billybuc profile image

billybuc 20 months ago from Olympia, WA

I would imagine that late at night those woods would be quite spooky. Great fodder for a ghost story or two.

Thank you for taking us along on your hike. Great pics and enjoyed the narration. Maybe one day I'll join you on a "walkabout."


annart profile image

annart 20 months ago from SW England

Wonderful photos. I love wandering around the countryside like this with my camera; it's exciting to find shapes and textures and surprising scenery or objects. Wood has such varied texture, can be the shapes of animals or faces or anything else! Driftwood on the beach is the nearest to what you've found here.

Love it! I was on your walk with you, looking around and wondering at nature.

Ann


alancaster149 profile image

alancaster149 20 months ago from Forest Gate, London E7, U K (ex-pat Yorkshire) Author

Maybe I'll take you up on that walkabout, Bill (although 'walkabout' usually involves hundreds of miles down under, the Aborigines take weeks or months). Might be worth a ghost story. An image might be reversed, I'll have to look into it. Mind you, some parts of Epping Forest are spooky even by day, lots of standing water - there's a high water table near High Beech, which means no wandering away from footpaths!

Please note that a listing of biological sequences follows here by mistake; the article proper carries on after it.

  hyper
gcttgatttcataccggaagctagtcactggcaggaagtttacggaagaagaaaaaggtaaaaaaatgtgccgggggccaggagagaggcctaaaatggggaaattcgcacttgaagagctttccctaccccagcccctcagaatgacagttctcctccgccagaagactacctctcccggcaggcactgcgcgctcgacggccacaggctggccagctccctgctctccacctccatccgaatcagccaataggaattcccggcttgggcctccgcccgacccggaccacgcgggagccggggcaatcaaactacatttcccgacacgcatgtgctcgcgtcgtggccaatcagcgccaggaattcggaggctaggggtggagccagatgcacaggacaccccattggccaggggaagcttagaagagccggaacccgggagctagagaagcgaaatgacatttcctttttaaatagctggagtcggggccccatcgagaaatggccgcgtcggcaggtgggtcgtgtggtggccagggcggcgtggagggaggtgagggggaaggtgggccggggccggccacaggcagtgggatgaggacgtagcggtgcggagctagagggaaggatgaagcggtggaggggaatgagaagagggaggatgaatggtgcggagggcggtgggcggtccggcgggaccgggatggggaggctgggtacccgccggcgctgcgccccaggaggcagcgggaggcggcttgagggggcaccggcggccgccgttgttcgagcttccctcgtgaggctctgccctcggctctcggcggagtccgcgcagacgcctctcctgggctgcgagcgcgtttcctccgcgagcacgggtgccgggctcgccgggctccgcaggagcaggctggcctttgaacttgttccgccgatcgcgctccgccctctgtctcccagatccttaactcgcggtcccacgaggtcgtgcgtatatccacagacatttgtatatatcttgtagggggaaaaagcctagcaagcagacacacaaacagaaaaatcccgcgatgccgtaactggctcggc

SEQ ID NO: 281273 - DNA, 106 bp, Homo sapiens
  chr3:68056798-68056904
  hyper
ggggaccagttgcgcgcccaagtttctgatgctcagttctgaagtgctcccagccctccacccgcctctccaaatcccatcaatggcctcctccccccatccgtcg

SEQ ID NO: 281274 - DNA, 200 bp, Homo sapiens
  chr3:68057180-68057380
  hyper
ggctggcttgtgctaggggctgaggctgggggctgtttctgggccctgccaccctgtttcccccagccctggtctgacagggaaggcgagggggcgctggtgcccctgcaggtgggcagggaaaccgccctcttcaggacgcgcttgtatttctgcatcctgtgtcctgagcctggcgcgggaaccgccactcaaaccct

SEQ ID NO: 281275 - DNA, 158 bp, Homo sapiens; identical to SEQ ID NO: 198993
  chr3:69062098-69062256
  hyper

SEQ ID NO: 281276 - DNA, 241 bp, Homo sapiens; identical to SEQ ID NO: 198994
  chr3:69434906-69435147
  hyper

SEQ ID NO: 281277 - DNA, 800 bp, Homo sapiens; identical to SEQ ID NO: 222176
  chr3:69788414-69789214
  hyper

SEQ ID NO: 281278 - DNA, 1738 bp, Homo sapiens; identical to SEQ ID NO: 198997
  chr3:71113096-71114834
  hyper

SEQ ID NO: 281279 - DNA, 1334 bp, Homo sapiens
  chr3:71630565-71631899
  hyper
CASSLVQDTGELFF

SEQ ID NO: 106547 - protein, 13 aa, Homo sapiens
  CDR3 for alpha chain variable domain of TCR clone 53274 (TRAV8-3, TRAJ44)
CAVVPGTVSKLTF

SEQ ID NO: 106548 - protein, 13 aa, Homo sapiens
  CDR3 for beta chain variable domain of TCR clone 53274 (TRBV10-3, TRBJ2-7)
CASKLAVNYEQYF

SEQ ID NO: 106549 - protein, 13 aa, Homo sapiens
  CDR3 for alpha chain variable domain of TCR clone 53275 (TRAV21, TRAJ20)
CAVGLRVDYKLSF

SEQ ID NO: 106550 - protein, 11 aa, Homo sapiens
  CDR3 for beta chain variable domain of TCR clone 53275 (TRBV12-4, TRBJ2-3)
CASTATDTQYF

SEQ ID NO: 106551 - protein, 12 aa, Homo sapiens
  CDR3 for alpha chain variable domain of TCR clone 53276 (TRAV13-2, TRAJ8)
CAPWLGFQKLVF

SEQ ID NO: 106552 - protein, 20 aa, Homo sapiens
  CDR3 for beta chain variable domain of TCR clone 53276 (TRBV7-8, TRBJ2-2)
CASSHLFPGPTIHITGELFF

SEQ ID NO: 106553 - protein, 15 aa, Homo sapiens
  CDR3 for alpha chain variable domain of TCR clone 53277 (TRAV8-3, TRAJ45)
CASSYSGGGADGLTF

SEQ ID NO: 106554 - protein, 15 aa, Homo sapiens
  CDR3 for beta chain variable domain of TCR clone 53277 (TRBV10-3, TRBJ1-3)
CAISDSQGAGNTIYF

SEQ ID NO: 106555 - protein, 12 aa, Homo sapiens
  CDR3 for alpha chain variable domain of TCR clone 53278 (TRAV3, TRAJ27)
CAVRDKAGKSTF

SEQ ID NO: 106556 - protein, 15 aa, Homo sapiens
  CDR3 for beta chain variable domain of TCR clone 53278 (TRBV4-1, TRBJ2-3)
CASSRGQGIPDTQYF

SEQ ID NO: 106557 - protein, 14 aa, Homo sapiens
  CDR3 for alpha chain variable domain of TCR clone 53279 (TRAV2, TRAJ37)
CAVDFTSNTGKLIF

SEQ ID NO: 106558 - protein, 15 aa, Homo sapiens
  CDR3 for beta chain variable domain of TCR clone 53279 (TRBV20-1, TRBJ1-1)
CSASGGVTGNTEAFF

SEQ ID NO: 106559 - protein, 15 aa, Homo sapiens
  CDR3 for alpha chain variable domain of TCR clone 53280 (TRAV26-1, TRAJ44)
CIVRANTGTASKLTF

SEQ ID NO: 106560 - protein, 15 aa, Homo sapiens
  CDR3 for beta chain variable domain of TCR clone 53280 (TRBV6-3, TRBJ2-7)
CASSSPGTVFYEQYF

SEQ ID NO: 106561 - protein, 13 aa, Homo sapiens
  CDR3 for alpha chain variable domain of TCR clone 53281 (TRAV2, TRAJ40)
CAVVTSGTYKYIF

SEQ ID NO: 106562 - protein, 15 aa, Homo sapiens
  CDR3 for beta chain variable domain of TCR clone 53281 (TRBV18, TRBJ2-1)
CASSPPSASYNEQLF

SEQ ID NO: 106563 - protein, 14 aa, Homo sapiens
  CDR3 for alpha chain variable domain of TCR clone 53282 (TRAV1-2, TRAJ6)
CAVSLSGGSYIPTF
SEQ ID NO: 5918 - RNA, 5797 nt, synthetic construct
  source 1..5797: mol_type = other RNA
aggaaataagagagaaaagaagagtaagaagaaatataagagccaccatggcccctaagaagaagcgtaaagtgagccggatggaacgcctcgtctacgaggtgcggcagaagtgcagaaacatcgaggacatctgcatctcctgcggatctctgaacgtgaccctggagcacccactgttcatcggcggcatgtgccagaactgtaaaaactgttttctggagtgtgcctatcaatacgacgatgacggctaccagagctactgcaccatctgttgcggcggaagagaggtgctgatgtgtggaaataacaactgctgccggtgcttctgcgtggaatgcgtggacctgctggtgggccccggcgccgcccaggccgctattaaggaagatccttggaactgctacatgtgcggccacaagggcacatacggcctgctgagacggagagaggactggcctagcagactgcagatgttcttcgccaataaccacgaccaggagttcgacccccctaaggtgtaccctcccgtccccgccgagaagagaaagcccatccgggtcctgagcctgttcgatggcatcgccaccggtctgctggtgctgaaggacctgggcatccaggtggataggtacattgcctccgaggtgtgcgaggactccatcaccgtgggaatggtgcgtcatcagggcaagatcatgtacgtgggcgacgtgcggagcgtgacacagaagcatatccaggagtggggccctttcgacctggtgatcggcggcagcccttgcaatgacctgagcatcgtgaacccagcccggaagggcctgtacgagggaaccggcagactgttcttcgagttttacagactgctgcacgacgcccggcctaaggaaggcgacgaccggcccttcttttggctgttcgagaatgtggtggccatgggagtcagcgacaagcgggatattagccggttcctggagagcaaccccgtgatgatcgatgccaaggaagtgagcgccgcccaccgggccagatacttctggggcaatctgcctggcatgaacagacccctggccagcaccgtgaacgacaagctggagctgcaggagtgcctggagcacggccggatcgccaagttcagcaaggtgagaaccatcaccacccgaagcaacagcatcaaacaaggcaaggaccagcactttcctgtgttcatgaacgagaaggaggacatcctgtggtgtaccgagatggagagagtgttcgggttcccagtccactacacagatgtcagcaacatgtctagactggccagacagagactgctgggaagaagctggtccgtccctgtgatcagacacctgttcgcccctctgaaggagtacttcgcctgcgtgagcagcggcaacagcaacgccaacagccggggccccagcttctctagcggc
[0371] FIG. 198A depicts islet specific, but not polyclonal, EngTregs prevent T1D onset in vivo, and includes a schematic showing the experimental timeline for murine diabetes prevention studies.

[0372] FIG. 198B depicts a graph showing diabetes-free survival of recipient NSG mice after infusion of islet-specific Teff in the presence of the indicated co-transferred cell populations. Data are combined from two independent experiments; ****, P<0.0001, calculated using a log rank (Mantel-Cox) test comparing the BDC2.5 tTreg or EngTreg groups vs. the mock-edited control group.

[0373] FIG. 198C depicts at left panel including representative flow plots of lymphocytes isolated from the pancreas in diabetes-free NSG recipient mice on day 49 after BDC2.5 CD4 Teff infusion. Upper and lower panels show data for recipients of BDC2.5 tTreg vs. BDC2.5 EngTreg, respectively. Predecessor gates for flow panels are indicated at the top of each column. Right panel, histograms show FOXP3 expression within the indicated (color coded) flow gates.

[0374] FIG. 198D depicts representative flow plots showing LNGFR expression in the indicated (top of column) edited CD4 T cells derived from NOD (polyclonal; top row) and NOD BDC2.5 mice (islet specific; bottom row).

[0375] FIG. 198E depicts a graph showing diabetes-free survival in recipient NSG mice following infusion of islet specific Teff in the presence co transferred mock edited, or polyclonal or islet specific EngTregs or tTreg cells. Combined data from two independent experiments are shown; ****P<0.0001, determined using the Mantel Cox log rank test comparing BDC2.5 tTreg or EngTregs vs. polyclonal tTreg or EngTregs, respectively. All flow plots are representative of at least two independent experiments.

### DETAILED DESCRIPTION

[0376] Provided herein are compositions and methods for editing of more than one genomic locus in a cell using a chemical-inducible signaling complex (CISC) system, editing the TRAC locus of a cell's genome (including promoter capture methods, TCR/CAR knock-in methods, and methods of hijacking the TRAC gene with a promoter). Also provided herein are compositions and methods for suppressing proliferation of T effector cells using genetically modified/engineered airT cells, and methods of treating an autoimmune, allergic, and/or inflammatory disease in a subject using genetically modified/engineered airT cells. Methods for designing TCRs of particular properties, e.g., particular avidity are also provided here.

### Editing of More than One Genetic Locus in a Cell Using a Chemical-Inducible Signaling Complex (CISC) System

Ann this is less than ten miles of built-up London, out by Wanstead or Whipps Cross (near the hospital) and Woodford. After it's a fairly straight road to the Robin Hood roundabout (and pub in the layby - there are quite a few of them nearby as well).

I like wandering about on the shoreline (anywhere between the South Gare at Teesmouth to Scarborough). At Robin Hood's Bay - him again! - at low tide there's an ice cream van at the bottom of the boat landing, but it's not as photogenic as some of the inshore fishing boats [that are] moored near the shore. Would have been great in the 19th Century with 'Whitby Cats' on the foreshore or in harbour, and 'Yorkshire Keels' moored in Scarborough or Whitby.